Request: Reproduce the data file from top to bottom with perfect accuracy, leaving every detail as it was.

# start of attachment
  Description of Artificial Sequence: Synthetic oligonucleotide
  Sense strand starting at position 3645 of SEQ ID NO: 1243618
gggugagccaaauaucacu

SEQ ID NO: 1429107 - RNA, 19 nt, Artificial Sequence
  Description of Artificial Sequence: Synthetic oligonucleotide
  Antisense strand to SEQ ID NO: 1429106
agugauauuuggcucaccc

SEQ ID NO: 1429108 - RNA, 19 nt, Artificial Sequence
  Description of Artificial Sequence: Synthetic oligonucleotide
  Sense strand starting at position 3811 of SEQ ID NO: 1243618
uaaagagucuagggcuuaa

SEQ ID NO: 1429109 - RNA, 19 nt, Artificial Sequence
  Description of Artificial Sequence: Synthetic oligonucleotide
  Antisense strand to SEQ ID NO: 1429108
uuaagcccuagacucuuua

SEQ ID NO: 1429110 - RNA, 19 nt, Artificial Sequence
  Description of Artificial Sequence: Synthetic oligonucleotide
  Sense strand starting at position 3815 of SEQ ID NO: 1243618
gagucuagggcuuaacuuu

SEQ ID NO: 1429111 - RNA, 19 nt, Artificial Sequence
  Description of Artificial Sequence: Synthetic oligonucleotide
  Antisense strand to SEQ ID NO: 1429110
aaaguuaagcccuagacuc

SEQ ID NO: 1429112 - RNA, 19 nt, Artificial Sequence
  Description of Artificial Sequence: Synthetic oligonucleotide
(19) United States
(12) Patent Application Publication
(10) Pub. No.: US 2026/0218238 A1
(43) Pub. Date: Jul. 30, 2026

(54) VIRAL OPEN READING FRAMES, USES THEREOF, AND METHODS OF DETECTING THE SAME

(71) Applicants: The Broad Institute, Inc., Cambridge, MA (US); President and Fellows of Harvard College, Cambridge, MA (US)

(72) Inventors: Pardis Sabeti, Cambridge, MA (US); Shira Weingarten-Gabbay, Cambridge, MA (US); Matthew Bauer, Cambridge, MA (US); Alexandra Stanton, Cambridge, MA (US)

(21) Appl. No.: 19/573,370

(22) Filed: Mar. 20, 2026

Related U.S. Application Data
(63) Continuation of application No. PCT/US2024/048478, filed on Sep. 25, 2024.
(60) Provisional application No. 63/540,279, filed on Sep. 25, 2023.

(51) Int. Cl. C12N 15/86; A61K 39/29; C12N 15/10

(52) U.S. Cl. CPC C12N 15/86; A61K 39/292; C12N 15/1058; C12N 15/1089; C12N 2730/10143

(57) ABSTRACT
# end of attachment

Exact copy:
  Description of Artificial Sequence: Synthetic oligonucleotide
  Sense strand starting at position 3645 of SEQ ID NO: 1243618
gggugagccaaauaucacu

SEQ ID NO: 1429107 - RNA, 19 nt, Artificial Sequence
  Description of Artificial Sequence: Synthetic oligonucleotide
  Antisense strand to SEQ ID NO: 1429106
agugauauuuggcucaccc

SEQ ID NO: 1429108 - RNA, 19 nt, Artificial Sequence
  Description of Artificial Sequence: Synthetic oligonucleotide
  Sense strand starting at position 3811 of SEQ ID NO: 1243618
uaaagagucuagggcuuaa

SEQ ID NO: 1429109 - RNA, 19 nt, Artificial Sequence
  Description of Artificial Sequence: Synthetic oligonucleotide
  Antisense strand to SEQ ID NO: 1429108
uuaagcccuagacucuuua

SEQ ID NO: 1429110 - RNA, 19 nt, Artificial Sequence
  Description of Artificial Sequence: Synthetic oligonucleotide
  Sense strand starting at position 3815 of SEQ ID NO: 1243618
gagucuagggcuuaacuuu

SEQ ID NO: 1429111 - RNA, 19 nt, Artificial Sequence
  Description of Artificial Sequence: Synthetic oligonucleotide
  Antisense strand to SEQ ID NO: 1429110
aaaguuaagcccuagacuc

SEQ ID NO: 1429112 - RNA, 19 nt, Artificial Sequence
  Description of Artificial Sequence: Synthetic oligonucleotide
(19) United States
(12) Patent Application Publication
(10) Pub. No.: US 2026/0218238 A1
(43) Pub. Date: Jul. 30, 2026

(54) VIRAL OPEN READING FRAMES, USES THEREOF, AND METHODS OF DETECTING THE SAME

(71) Applicants: The Broad Institute, Inc., Cambridge, MA (US); President and Fellows of Harvard College, Cambridge, MA (US)

(72) Inventors: Pardis Sabeti, Cambridge, MA (US); Shira Weingarten-Gabbay, Cambridge, MA (US); Matthew Bauer, Cambridge, MA (US); Alexandra Stanton, Cambridge, MA (US)

(21) Appl. No.: 19/573,370

(22) Filed: Mar. 20, 2026

Related U.S. Application Data
(63) Continuation of application No. PCT/US2024/048478, filed on Sep. 25, 2024.
(60) Provisional application No. 63/540,279, filed on Sep. 25, 2023.

(51) Int. Cl. C12N 15/86; A61K 39/29; C12N 15/10

(52) U.S. Cl. CPC C12N 15/86; A61K 39/292; C12N 15/1058; C12N 15/1089; C12N 2730/10143

(57) ABSTRACT